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A brief history of hand drilled wells in Niger : only the beginning

This field note traces the development of wells and water-lifting technology in the water scarce country of Niger. It describes a range of hand-augering and water-lifting techniques that have been introduced over the past 30 years, primarily in southern Niger. It traces the role of non-government organizations in terms of pioneering the technology and supporting the growth of a locally based business environment to increase access to the relevant technologies. The research points to the necessity for investment in the early stages – to develop and test the technologies within specific localities, build the skills of independent drillers and pump manufacturers, and careful support to private sector market development.
The survey shows that hand-augered wells fitted with very low-cost water-lifting devices are a viable water source for both domestic and agricultural water supply in several parts of Niger. Despite their poverty, thousands of households have been willing and able to pay for the construction of these wells and simple lifting devices for their fields and homes.
There is also considerable potential for hand-drilling technologies that can penetrate harder formations and drill to greater depths, and for the corresponding water-lifting technologies. Hand percussion drilling and rope pumps could provide water to numerous small communities in Niger, which are currently not included in the
government plans. The technologies presented here could also benefit other countries in Sub-Saharan Africa.
Recommendations for the way forward are included.

TitleA brief history of hand drilled wells in Niger : only the beginning
Publication TypeMiscellaneous
Year of Publication2006
AuthorsDanert, K.
Secondary TitleField note / WSP
Pagination15 p. : 1 fig, 1 map, 5 boxes, 1 tab., photogr.
Date Published2006-10-01
PublisherWater and Sanitation Program - African Region
Place PublishedNairobi, Kenya
Keywordsdrilled wells, manual drilling, marketing, niger, percussion drilling, planning, private sector, rope-and-washer pumps, safe water supply, sdiafr, sdiwat, treadle pumps, water quality, water use
Abstract

This field note traces the development of wells and water-lifting technology in the water scarce country of Niger. It describes a range of hand-augering and water-lifting techniques that have been introduced over the past 30 years, primarily in southern Niger. It traces the role of non-government organizations in terms of pioneering the technology and supporting the growth of a locally based business environment to increase access to the relevant technologies. The research points to the necessity for investment in the early stages – to develop and test the technologies within specific localities, build the skills of independent drillers and pump manufacturers, and careful support to private sector market development.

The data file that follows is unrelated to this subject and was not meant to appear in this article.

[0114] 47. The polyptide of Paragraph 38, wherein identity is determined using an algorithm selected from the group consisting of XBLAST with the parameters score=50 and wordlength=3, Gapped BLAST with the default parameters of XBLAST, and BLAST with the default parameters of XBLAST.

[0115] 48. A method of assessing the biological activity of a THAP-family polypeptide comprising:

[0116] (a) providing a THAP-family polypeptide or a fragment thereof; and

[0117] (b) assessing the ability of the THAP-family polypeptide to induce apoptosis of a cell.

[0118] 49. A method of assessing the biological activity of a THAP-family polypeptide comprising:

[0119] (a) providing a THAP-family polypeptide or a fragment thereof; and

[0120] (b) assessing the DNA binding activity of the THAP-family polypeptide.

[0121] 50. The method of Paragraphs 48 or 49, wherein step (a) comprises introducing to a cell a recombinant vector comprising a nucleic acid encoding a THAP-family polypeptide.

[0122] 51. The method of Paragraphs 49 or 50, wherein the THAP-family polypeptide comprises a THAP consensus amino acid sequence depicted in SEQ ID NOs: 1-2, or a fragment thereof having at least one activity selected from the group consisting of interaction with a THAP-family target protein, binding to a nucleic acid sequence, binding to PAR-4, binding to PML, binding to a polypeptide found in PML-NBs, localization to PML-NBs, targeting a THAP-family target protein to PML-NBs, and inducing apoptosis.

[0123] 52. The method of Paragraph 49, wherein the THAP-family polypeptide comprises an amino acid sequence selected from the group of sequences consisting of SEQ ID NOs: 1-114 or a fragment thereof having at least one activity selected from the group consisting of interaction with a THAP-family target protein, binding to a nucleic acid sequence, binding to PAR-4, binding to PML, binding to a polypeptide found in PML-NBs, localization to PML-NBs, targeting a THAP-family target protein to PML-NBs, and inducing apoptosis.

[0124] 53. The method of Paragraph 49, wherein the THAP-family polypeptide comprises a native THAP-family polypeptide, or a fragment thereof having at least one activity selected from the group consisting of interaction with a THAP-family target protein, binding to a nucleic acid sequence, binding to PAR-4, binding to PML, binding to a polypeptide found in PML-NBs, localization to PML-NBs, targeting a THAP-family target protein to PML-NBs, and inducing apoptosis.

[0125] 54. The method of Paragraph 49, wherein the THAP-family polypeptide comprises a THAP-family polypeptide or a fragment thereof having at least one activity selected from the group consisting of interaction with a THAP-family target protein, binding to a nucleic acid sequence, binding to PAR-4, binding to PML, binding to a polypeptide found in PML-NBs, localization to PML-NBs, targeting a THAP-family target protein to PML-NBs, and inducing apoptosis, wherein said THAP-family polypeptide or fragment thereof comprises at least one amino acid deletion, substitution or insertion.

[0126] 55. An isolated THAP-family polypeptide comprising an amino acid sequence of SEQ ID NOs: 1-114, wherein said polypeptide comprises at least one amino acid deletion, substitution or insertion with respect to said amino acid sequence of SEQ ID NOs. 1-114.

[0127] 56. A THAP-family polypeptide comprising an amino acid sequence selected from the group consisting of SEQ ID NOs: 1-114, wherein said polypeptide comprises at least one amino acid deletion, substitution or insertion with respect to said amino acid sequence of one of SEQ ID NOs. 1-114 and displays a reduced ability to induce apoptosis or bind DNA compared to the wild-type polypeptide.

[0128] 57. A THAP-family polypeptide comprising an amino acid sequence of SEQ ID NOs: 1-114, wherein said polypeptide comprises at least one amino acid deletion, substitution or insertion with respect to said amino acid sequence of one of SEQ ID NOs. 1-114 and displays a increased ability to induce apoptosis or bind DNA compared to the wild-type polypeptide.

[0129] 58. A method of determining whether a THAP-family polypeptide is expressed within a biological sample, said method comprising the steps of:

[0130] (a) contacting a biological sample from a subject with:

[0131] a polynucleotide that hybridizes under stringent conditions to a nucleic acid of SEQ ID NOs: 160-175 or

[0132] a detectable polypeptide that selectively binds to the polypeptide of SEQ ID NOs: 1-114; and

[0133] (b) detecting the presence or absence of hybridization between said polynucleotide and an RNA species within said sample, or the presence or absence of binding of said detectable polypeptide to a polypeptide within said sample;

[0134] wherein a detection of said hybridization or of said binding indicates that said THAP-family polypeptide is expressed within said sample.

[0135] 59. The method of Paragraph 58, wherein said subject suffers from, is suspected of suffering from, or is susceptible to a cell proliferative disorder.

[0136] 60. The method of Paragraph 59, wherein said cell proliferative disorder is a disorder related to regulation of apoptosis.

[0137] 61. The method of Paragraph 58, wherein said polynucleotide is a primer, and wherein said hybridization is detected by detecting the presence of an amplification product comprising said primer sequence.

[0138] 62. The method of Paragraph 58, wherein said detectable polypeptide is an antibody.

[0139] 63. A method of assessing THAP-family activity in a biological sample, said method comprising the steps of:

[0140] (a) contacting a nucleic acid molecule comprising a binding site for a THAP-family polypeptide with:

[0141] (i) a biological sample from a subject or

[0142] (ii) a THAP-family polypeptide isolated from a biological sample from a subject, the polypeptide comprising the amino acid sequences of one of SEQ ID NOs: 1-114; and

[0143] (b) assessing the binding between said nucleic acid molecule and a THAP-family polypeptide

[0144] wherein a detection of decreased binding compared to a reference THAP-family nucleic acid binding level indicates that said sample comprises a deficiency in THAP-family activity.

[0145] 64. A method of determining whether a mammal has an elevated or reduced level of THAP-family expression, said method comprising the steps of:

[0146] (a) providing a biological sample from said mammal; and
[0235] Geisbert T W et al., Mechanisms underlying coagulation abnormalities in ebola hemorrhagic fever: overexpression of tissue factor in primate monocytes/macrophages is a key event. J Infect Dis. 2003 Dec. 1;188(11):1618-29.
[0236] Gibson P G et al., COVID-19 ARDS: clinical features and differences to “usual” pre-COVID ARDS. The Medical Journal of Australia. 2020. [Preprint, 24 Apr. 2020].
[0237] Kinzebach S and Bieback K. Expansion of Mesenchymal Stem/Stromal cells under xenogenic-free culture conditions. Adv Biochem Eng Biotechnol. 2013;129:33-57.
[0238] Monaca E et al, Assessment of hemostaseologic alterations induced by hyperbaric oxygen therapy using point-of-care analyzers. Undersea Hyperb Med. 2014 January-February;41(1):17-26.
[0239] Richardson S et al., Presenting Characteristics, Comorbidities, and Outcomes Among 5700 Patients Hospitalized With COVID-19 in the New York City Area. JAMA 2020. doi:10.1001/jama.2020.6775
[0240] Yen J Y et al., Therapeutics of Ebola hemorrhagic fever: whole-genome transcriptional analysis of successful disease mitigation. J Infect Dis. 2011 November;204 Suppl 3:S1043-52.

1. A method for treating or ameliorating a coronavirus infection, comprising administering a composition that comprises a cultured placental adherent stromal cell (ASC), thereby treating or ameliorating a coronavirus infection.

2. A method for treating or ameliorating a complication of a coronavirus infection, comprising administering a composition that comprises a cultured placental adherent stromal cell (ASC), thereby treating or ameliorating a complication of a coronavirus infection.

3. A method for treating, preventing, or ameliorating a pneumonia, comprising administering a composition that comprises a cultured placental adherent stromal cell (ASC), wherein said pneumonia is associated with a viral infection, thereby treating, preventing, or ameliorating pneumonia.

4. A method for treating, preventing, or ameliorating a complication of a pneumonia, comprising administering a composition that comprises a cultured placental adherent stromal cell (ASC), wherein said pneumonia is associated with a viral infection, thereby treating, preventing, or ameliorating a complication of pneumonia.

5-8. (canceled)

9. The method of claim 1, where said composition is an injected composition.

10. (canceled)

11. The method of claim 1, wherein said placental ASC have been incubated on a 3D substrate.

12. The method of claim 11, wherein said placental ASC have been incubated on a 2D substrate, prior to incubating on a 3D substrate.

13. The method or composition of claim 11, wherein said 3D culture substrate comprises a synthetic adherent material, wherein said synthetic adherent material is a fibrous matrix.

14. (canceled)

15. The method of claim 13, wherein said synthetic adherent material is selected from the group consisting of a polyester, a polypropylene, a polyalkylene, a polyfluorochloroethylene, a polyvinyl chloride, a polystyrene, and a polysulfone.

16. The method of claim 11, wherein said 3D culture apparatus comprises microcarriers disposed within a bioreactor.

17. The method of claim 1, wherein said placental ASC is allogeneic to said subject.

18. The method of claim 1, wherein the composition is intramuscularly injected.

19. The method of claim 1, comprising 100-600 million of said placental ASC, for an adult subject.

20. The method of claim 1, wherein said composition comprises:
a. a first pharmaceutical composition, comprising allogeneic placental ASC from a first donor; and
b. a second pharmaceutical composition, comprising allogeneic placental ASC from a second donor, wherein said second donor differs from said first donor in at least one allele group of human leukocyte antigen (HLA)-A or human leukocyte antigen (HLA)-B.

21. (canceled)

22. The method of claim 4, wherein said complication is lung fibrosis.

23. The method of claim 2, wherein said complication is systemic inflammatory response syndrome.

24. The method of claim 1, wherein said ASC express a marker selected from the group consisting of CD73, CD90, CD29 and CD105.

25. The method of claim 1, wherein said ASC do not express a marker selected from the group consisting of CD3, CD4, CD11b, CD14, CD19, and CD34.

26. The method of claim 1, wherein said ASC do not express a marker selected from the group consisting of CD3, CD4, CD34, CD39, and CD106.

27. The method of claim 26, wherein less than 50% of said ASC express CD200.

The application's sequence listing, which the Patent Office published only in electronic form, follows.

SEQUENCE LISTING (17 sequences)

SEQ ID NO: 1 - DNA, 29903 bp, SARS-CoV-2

The survey shows that hand-augered wells fitted with very low-cost water-lifting devices are a viable water source for both domestic and agricultural water supply in several parts of Niger. Despite their poverty, thousands of households have been willing and able to pay for the construction of these wells and simple lifting devices for their fields and homes.
There is also considerable potential for hand-drilling technologies that can penetrate harder formations and drill to greater depths, and for the corresponding water-lifting technologies. Hand percussion drilling and rope pumps could provide water to numerous small communities in Niger, which are currently not included in the
government plans. The technologies presented here could also benefit other countries in Sub-Saharan Africa.
Recommendations for the way forward are included.

NotesIncludes references
Custom 1824, 212.5

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The copyright of the documents on this site remains with the original publishers. The documents may therefore not be redistributed commercially without the permission of the original publishers.